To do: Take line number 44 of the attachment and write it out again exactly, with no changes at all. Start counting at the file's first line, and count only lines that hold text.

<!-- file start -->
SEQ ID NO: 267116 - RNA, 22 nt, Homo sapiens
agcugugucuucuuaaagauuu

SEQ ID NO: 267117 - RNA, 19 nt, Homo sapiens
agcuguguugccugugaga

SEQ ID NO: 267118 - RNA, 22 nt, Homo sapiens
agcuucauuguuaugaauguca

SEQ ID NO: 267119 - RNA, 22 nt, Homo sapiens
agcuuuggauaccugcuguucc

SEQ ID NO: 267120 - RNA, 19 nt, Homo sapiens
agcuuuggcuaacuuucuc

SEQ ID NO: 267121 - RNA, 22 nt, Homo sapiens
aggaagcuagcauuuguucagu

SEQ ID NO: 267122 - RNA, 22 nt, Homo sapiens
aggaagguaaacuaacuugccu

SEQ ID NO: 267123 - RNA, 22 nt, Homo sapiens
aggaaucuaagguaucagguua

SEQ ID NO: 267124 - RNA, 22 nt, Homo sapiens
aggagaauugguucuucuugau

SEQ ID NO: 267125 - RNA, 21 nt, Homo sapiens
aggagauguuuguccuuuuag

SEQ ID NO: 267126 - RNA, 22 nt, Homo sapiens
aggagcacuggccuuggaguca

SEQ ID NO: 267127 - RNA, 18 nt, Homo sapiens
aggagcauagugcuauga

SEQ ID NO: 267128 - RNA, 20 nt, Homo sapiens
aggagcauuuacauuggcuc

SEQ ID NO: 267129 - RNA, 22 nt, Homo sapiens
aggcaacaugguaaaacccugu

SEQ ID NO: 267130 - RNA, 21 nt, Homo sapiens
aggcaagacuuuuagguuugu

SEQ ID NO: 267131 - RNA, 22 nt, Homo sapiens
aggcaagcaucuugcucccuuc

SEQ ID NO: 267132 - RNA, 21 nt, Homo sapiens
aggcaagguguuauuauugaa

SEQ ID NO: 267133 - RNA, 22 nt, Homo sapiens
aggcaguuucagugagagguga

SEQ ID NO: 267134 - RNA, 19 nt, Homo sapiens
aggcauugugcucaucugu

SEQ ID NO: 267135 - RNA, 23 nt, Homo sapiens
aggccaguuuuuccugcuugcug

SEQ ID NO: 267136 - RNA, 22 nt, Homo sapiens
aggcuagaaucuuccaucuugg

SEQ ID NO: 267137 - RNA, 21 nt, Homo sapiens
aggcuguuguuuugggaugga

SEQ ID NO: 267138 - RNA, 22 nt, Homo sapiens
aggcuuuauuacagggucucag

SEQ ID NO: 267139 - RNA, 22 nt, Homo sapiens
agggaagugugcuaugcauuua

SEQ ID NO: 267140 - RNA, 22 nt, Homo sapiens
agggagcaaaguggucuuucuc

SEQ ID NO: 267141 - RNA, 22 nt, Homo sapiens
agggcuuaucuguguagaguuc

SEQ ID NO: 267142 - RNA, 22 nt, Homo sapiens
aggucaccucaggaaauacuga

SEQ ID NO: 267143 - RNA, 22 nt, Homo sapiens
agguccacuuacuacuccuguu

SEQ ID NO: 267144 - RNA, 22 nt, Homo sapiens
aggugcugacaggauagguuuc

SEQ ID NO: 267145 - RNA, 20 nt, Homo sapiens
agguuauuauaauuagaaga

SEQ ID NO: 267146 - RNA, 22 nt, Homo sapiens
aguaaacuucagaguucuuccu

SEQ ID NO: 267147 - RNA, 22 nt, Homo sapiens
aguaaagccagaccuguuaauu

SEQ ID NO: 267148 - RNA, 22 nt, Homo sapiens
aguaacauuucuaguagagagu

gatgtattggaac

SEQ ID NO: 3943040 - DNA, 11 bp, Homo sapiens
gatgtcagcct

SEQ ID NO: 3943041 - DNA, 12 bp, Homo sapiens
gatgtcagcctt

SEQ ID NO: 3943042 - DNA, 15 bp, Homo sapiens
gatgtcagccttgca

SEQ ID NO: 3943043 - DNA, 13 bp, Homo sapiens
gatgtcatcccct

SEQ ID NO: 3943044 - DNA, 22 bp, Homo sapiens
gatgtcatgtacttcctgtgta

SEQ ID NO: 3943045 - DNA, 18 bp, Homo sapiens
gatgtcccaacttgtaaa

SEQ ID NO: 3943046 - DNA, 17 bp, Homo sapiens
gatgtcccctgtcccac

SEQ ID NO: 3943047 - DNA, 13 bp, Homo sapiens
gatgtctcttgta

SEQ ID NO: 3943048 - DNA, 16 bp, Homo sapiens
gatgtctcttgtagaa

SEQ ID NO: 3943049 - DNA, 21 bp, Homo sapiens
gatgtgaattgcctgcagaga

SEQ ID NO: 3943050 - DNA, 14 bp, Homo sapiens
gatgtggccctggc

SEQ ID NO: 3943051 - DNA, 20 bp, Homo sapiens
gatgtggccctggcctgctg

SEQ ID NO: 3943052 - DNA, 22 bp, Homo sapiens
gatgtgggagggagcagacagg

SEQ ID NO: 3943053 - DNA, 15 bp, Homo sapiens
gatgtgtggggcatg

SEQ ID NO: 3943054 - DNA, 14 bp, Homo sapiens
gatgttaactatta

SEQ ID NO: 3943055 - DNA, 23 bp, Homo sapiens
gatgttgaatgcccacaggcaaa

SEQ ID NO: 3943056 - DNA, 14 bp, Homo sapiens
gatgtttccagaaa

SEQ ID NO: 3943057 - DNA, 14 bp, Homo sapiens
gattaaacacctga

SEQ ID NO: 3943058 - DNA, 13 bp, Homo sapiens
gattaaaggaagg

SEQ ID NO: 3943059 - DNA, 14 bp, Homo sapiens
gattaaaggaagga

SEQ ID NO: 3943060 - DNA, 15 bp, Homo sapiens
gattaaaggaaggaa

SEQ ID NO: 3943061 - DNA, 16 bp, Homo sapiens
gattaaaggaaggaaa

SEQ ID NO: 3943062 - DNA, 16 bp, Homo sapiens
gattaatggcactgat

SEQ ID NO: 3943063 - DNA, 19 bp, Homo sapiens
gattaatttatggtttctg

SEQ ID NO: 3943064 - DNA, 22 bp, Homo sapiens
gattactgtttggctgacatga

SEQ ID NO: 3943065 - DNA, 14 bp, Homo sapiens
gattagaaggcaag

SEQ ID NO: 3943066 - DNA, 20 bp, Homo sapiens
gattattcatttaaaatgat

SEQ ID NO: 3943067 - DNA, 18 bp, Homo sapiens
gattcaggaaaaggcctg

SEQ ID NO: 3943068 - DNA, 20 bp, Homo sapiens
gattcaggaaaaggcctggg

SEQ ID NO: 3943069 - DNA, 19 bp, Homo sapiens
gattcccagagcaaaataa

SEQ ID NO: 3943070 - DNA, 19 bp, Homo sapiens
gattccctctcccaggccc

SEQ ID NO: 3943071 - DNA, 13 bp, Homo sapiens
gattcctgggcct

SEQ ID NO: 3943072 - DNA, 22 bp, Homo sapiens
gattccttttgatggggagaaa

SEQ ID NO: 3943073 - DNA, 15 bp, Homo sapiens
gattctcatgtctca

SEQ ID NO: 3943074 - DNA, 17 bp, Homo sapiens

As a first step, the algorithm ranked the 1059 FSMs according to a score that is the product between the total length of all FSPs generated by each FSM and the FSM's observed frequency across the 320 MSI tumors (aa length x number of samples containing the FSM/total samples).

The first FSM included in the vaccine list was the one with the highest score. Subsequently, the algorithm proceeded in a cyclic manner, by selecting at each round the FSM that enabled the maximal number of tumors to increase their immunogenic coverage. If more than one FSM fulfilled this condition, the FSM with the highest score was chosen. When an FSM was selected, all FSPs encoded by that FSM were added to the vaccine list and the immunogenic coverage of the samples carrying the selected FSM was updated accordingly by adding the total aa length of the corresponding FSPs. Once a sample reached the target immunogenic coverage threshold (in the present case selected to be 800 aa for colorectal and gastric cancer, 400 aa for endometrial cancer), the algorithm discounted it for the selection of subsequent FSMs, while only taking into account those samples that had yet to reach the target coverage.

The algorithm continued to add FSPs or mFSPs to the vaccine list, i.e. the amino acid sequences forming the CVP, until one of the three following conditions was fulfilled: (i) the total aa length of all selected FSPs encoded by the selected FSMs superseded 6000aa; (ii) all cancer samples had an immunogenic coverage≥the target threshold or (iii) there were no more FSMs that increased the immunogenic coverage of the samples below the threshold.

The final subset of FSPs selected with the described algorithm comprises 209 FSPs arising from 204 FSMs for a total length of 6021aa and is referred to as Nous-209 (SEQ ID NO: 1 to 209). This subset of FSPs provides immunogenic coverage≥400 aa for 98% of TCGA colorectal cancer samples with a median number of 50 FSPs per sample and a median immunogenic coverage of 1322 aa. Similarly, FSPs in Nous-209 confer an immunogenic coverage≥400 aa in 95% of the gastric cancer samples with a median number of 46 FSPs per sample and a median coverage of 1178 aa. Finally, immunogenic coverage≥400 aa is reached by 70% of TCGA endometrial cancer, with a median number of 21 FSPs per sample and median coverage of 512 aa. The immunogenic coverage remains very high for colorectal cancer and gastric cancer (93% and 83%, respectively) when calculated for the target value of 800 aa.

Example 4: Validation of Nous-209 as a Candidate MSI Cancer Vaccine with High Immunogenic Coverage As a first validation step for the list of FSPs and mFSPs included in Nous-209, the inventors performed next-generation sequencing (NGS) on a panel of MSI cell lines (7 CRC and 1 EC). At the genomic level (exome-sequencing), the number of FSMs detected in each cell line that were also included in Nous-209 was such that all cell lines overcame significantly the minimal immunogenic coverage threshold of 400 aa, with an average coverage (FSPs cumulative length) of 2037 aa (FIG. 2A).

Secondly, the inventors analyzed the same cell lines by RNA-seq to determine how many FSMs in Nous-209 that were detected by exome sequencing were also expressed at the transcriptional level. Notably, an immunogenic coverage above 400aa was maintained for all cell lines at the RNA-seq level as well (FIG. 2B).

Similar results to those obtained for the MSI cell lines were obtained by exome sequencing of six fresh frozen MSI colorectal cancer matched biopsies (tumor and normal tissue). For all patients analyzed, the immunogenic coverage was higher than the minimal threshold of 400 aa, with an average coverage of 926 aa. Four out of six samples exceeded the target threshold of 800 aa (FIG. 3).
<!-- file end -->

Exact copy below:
aggcuguuguuuugggaugga